Once fueling was done and we paid the bill, we said good bye to Danny and got on our way. Due to the slowness of the pumps, we lost about 40 minutes trying to put fuel on board, but we didn’t have a long day so it was o.k. We left Kilkenny Marina and in 5 minutes we were back on the ICW heading north and again passing boats we had previously passed earlier in the day.
It was still not yet noon and we were not ready to end our day cruising, even though our originally-planned anchorage was nearby. We decided to press on, taking advantage of a high tide situation at “Hells Gate”; an area that cuts through Ossabaw Sound that is notorious for its chronic shoaling despite frequent dredging. Since it had been dredged recently we felt confident that we didn’t need the high tide, but wanted to take advantage of it. So we continued north through the area without issue, seeing plenty of depth for our 3’6” draft boat. In 2017, before the most recent dredging, we came through here on our way back from Maine and hit it at low tide. We had less than 3’ under our boat and probably left some paint on the sandy bottom of the cut. We vowed never to do that again and now are much more prudent in this area.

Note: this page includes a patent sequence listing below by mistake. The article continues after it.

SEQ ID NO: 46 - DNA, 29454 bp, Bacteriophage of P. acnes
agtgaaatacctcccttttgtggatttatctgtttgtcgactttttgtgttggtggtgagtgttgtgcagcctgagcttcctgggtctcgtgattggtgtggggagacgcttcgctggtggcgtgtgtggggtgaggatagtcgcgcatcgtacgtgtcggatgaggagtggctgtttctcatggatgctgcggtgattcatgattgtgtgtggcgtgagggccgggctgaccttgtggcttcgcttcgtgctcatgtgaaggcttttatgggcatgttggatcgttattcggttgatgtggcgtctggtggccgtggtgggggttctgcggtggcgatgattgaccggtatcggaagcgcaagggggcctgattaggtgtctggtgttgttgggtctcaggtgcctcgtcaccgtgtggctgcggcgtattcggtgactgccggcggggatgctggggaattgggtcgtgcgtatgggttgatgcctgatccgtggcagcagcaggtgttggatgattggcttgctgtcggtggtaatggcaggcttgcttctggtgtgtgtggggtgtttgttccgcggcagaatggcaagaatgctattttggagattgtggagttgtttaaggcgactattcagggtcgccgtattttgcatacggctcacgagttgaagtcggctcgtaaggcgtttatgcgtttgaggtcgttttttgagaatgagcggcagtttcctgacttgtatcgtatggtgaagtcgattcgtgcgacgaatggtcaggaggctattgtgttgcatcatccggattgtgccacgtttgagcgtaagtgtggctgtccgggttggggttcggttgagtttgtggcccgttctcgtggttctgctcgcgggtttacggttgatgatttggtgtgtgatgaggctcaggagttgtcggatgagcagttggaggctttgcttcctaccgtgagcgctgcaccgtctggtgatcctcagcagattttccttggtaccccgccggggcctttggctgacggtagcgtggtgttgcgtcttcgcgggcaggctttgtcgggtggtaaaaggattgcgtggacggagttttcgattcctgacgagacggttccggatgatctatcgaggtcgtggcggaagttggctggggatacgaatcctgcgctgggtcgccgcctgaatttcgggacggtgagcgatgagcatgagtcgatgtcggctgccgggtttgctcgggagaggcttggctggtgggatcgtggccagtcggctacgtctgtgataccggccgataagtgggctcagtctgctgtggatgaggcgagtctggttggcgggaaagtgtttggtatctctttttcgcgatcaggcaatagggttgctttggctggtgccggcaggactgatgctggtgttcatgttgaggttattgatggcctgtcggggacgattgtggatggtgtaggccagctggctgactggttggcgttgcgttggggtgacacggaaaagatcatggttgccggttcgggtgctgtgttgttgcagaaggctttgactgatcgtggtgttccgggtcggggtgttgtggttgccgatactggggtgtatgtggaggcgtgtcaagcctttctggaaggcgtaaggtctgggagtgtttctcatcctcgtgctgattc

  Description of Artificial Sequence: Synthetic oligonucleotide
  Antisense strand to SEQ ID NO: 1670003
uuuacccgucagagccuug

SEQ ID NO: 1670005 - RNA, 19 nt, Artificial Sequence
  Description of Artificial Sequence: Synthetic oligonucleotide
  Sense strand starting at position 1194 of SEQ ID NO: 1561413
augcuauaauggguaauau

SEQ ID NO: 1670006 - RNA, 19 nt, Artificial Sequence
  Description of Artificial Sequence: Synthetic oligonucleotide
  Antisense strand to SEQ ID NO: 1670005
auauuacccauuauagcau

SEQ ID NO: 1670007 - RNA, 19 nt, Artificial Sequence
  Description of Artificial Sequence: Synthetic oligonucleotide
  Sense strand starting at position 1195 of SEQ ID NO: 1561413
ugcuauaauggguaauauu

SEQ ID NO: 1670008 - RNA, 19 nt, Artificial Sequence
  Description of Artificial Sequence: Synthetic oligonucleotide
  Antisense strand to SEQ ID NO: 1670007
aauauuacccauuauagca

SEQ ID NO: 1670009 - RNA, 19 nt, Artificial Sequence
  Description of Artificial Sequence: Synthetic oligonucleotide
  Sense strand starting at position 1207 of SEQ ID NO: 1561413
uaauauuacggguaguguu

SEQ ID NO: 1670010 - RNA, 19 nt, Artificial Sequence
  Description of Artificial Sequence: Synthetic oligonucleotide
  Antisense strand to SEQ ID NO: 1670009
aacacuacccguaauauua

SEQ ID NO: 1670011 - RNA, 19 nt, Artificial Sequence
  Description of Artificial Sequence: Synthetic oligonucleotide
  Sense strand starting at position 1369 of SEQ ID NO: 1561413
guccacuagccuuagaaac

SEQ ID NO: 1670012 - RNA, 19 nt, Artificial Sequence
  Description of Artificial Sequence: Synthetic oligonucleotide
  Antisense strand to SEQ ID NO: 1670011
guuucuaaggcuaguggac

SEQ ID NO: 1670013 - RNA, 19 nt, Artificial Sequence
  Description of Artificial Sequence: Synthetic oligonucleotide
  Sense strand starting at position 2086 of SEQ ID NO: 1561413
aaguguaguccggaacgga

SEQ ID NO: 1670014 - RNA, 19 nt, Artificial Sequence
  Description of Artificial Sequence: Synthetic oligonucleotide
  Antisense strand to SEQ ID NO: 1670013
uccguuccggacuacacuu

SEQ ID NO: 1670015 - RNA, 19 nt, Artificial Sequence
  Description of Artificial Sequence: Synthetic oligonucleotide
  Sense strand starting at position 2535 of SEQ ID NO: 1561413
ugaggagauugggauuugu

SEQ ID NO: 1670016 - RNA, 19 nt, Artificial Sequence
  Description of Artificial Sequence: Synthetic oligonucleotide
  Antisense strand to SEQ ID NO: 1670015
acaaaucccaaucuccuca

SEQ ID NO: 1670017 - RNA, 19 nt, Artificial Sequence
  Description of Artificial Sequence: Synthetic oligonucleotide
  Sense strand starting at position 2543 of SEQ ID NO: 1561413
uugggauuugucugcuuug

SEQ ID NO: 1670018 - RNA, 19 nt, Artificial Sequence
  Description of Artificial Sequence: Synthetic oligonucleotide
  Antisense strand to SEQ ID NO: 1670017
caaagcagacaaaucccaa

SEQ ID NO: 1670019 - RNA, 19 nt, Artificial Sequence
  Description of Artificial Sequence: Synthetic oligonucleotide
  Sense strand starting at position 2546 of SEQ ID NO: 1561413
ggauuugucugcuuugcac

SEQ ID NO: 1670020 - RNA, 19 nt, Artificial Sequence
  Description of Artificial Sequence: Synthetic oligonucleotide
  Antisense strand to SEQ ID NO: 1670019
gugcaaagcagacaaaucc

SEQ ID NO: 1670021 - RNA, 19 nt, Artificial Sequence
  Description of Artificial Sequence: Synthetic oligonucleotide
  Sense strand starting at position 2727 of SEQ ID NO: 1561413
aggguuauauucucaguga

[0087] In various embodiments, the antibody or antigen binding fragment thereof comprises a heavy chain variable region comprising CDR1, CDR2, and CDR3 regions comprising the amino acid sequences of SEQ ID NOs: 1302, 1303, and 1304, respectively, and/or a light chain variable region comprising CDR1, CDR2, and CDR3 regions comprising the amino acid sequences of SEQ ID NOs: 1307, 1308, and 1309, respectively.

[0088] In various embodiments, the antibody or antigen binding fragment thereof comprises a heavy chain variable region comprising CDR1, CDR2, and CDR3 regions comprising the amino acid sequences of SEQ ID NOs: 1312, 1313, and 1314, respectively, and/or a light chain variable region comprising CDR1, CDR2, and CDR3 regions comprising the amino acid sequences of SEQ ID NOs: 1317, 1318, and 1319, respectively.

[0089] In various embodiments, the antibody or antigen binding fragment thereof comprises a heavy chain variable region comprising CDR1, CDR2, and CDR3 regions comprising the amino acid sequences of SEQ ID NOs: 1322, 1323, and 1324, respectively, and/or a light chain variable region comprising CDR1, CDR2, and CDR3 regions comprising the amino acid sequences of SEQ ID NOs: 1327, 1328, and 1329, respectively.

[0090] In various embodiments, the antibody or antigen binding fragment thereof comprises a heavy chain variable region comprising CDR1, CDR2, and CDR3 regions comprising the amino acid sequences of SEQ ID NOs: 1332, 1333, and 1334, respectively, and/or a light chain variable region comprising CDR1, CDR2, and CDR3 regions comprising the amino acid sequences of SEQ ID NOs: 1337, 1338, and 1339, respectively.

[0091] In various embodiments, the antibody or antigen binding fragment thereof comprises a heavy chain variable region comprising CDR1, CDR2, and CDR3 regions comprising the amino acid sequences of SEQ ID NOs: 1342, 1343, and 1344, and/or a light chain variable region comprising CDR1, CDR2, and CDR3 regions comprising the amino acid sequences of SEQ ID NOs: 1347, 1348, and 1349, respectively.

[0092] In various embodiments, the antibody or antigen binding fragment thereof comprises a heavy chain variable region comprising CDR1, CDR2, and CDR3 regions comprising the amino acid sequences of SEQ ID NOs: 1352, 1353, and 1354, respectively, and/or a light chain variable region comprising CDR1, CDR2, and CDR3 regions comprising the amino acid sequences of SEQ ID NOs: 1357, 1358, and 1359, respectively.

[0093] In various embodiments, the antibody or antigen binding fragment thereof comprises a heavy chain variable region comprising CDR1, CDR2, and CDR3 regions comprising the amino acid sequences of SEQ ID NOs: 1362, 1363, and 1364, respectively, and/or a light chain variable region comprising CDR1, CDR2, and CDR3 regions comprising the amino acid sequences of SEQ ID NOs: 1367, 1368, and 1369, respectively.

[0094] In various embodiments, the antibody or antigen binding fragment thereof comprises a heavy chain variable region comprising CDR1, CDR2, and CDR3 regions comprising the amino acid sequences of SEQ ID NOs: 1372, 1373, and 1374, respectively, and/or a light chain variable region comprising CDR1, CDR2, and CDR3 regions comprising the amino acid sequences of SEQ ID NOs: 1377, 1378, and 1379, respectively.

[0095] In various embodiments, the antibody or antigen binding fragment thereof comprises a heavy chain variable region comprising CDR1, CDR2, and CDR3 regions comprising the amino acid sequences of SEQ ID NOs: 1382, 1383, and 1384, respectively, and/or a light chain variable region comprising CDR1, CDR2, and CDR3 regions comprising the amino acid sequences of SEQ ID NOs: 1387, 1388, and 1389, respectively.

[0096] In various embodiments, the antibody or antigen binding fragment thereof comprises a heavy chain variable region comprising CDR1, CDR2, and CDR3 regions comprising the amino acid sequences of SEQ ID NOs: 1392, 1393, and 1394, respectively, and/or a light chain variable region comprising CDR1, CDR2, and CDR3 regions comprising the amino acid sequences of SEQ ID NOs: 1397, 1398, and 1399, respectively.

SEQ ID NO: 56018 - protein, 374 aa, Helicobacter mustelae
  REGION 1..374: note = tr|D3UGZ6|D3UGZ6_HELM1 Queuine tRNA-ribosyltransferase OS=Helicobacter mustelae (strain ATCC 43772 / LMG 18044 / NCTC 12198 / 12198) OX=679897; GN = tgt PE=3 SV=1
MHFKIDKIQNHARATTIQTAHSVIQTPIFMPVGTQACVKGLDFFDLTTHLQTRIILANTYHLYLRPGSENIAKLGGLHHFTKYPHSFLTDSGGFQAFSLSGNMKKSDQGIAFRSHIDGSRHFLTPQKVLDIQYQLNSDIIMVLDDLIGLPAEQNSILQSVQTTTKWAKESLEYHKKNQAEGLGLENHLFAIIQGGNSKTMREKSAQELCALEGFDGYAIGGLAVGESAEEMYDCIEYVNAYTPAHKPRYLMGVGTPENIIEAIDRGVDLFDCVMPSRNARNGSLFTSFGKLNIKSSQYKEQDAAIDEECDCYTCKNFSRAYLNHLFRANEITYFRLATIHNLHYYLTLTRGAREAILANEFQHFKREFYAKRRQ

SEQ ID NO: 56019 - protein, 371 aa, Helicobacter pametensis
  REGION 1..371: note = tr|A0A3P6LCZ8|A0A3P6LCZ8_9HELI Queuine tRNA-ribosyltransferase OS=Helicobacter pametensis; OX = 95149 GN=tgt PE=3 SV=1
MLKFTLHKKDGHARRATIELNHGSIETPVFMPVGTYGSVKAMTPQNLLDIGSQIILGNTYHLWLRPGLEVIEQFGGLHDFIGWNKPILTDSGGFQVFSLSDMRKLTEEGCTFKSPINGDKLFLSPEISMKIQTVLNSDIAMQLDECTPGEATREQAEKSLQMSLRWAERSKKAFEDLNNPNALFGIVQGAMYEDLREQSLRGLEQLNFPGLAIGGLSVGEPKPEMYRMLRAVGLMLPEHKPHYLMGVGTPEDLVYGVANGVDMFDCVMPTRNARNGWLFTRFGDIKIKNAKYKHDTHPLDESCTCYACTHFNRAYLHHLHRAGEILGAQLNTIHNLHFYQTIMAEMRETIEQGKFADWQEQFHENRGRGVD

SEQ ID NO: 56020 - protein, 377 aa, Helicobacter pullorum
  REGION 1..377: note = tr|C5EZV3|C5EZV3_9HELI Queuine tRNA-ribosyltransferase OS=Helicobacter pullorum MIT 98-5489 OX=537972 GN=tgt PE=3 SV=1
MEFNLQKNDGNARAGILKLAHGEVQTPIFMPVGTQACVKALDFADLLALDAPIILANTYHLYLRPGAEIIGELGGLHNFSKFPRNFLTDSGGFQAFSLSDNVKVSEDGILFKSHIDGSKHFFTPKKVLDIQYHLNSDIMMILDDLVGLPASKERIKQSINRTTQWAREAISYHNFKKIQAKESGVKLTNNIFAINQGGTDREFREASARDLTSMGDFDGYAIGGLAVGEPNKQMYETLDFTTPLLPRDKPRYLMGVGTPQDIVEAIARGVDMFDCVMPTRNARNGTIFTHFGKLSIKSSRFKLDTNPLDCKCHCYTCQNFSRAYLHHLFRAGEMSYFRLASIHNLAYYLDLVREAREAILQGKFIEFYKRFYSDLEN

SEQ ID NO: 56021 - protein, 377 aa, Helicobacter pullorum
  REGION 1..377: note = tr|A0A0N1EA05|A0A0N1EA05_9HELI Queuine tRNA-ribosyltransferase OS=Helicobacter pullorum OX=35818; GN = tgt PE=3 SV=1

Once clear of this area, we cruised north for only a few more miles to our new anchorage for the night at Possum Point. This is just up the Vernon River and right off the ICW where it turns to the east and snakes between Burnside Island and Skidaway Island. We still had plenty of daylight and could have pressed on, but wanted to anchor somewhere new and this spot had a good review.